1. How has technology changed your primary groups and secondary groups? Do you have more (and separate) primary groups due to online connectivity? Do you believe that someone, like Levy, can have a true primary group made up of people she has never met? Why or why not?
  2. Compare and contrast two different political groups or organizations, such as the MeToo, Black Lives Matter, Anti-Vaxxer  or White Nationalist movements. How do the groups differ in terms of leadership, membership, and activities? How do the group’s goals influence participants? Do they have in-groups  and out-groups? Explain your answer.
  3. The concept of hate crimes has been linked to in-groups and out-groups. Can you think of an example where people have been excluded or tormented due to this kind of group dynamic?
  4. Describe a time you were led by a leader using, in your opinion, a leadership style that did not suit the situation. When and where was it? What could she or he have done better?

7.3 Networks

  1. From personal experience, describe how the group dynamics between two people changes when a third person joins the group (or vice versa, when one person leaves a group of three). Do your observations corroborate Simmel’s analysis of dyads and triads?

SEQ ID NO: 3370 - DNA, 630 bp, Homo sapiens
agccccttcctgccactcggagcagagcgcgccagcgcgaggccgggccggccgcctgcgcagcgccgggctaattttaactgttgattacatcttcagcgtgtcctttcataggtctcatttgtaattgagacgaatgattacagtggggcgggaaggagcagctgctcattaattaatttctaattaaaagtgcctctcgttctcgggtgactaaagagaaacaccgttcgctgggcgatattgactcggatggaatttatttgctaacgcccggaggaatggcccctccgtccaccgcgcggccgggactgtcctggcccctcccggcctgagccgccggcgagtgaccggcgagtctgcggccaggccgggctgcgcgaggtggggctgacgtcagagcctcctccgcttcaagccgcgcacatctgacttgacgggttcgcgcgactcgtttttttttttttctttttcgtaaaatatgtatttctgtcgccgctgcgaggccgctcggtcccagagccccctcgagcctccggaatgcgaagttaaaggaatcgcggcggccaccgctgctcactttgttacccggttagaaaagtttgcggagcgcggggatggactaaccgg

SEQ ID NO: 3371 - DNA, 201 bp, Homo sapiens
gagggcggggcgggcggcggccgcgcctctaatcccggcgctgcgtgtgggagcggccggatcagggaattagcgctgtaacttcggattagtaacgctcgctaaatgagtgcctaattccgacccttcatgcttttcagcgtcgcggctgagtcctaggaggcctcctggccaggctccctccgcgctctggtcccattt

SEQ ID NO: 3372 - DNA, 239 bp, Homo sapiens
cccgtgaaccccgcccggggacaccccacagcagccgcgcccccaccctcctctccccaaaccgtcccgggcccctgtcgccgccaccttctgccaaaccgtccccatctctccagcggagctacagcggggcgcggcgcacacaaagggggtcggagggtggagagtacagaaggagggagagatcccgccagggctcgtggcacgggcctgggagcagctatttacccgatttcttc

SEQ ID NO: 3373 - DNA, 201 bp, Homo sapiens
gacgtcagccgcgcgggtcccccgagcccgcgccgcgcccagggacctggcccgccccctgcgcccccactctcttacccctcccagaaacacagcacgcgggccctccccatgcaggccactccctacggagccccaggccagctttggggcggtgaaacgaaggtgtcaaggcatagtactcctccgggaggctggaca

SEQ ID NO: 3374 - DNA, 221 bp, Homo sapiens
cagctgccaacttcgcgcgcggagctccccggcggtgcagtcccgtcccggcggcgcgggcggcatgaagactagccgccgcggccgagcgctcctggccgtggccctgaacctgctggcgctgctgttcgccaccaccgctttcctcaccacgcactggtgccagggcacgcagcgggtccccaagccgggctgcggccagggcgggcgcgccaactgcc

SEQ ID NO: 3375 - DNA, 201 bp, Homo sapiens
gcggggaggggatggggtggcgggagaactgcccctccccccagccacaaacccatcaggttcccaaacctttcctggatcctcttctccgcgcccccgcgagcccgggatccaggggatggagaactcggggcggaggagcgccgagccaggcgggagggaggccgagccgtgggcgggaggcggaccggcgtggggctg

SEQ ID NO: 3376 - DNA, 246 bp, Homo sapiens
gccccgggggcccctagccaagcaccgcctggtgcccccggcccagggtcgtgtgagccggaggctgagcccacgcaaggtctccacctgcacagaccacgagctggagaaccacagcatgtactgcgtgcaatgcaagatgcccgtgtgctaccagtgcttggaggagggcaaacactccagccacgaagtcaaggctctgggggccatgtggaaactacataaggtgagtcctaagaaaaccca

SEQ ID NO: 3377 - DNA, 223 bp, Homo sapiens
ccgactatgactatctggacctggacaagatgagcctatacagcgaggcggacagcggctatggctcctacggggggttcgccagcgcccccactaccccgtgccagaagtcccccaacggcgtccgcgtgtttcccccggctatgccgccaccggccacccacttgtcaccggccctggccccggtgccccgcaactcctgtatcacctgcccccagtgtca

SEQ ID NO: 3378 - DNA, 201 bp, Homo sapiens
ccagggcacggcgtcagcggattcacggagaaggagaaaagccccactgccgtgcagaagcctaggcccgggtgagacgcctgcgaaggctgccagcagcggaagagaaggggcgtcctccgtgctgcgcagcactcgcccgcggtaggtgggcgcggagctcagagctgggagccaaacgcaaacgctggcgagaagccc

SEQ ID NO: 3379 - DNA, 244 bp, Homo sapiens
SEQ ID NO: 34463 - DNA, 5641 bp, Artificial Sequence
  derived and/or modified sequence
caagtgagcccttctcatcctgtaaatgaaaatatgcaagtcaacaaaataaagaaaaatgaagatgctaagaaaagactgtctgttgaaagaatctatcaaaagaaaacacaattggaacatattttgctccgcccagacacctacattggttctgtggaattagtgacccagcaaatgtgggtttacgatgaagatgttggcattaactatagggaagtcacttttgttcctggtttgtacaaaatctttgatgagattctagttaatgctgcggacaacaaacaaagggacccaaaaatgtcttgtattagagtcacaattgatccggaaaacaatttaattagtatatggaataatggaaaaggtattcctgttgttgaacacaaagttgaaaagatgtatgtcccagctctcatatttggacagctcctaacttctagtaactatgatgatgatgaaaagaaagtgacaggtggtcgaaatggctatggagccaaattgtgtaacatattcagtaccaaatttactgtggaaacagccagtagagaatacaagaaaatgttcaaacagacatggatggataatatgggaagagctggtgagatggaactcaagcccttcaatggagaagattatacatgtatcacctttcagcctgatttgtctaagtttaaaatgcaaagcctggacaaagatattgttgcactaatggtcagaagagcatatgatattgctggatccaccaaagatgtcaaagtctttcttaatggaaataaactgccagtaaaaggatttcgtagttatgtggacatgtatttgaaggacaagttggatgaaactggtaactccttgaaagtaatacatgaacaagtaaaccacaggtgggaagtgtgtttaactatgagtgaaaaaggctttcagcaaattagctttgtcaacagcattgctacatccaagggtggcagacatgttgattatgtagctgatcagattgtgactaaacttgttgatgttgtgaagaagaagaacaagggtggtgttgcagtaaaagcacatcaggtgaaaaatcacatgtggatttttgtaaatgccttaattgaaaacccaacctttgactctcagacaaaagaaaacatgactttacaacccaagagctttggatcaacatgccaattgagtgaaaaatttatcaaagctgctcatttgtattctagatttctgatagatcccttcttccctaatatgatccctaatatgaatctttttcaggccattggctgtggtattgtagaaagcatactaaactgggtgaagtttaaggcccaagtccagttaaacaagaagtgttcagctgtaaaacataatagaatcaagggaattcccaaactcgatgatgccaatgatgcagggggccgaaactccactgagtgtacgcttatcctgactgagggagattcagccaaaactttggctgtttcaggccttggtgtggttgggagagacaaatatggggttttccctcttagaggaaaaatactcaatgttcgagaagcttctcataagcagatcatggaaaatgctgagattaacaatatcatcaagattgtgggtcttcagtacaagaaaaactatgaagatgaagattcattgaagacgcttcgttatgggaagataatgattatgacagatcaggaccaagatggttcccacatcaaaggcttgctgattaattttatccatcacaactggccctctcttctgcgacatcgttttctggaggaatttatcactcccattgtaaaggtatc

2. How often do you get valuable information from a friend? From a friend of a friend? How significant do network connections seem to be in your life, i.e., with regard to your political preferences, your body weight and dietary choices, your life style, etc.?
  3. How many friends would you call “close”? How many friends would your parents and grand parents call close? Does this correspond with Marsden’s research that the size of one’s “core discussion group” decreases as one ages?

7.4 Formal Organizations